The audience of U3Aers was very appreciative, and expressed the hope that more Flinders archaeology and CHM graduates would participate in the programme! We are looking forward to a fruitful collaboration with the U3A.
On the 26th of March, 2009, Adjunct Associate Lecturer Ian Moffat gave a seminar entitled the Geophysical Detection of Historic Graves. The seminar room was filled with forty-one (41) fellow academics and students from the Department of Archaeology.
The seminar focused on the effects of geology on current grave detecting methods such as the magnetometer and the ground penetrating radar. There are three divisions of burials or graves; the Indigenous, the Clandestine, and the Historic. Ian’s case studies were focused on the latter division which included the Selheim Cemetery (North Queensland), the Pioneer Park Cemetery (Adelaide), the Encounter Bay Cemetery, and the Meadows Cemetery (Adelaide Hills).
The Selheim Cemetery was the most successful of the four case studies with the rediscovery of all thirty previously ‘lost’ burials. Both the Pioneer Park and Meadows Cemeteries case studies produced good quality data but the amount of time used was a minor setback. Geology and its effect on burial data analysis was profound in both the Encounter Bay and Meadows Cemeteries. The heavy vegetation in Encounter Bay and the sandy conditions at Meadows Cemetery have deterred the geophysical survey process.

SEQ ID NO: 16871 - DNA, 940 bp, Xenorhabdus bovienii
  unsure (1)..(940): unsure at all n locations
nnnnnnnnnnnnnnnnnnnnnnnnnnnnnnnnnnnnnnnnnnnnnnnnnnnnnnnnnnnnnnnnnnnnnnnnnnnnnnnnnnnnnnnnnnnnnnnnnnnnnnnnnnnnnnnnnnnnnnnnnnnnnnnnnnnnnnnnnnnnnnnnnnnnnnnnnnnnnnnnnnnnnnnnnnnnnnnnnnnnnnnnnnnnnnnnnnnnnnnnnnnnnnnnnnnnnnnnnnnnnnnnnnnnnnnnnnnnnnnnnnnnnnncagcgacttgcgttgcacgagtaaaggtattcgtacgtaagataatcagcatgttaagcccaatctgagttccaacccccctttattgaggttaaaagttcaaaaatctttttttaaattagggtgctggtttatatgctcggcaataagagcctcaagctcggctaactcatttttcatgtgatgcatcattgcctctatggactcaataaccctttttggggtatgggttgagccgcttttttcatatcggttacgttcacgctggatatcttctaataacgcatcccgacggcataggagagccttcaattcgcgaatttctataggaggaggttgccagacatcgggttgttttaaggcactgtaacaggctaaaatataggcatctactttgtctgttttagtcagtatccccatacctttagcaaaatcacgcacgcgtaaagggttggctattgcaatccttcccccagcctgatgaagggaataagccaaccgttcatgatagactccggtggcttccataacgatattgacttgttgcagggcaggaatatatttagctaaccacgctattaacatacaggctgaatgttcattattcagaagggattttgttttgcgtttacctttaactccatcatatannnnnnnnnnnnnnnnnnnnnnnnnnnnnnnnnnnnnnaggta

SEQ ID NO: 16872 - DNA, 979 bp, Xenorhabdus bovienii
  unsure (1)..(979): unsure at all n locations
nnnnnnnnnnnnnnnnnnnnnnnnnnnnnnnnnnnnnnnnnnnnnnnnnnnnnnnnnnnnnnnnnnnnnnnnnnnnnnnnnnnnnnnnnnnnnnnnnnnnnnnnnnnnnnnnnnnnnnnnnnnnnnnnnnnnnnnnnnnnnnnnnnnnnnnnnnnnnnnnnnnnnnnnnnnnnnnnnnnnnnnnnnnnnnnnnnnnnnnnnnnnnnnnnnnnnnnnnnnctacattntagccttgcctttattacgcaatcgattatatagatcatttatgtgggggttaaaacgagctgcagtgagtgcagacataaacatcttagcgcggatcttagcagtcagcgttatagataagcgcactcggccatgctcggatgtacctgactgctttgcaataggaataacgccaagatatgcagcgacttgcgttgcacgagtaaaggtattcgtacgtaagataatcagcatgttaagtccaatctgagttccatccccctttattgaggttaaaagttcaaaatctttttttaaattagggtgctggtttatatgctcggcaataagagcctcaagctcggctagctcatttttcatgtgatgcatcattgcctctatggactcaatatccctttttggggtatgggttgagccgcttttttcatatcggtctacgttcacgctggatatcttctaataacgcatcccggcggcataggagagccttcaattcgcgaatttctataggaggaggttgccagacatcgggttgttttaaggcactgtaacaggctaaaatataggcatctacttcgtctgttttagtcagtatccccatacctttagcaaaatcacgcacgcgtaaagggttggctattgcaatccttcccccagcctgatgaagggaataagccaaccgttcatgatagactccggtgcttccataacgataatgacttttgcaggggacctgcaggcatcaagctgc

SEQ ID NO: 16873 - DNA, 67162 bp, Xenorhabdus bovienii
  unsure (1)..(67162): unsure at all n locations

Some of Ian’s conclusions at the end of the seminar were:
- the magnetometer and EMI methods are greatly affected by the presence of surface metal
- decrease in line spacing of GPR data leads to substantial increase in the ability to detect burials effectively
- GPR is more effective in sandy locations than in clay (contrary to previous studies)
- the greater the number of trees on the site, the slower and less effective are the geophysical methods
Even though I do not have an archaeology background, Ian’s presentation was very organised and was not too difficult to comprehend. His research and conclusions were well-received with various questions and comments from at least eight people in the audience.
Last week I was fortunate enough to attend the first seminar of the weekly Department seminar series. The seminar titled Archaeology engaged: the Northern Territory Emergency Response was delivered by Claire Smith and was in my opinion probably one of the most personal and in that sense powerful lectures I’ve ever attended. While the lecture briefly touched on archaeology it should be said that the lecture was based more on the impact the NT National Emergency had on the Barunga Wugullar community in the Northern Territory, just one of the communities which were affected by the intervention.
The seminar addressed the different perceptions and outcomes of the intervention often negative but sometimes positive and because of Claire’s ongoing work with the community, the seminar was able to provide a more personal view of the intervention which is often so rarely discussed anymore. This seminar also demonstrated how interpersonal relationships develop in archaeology and it is often impossible to separate yourself from what may be happening.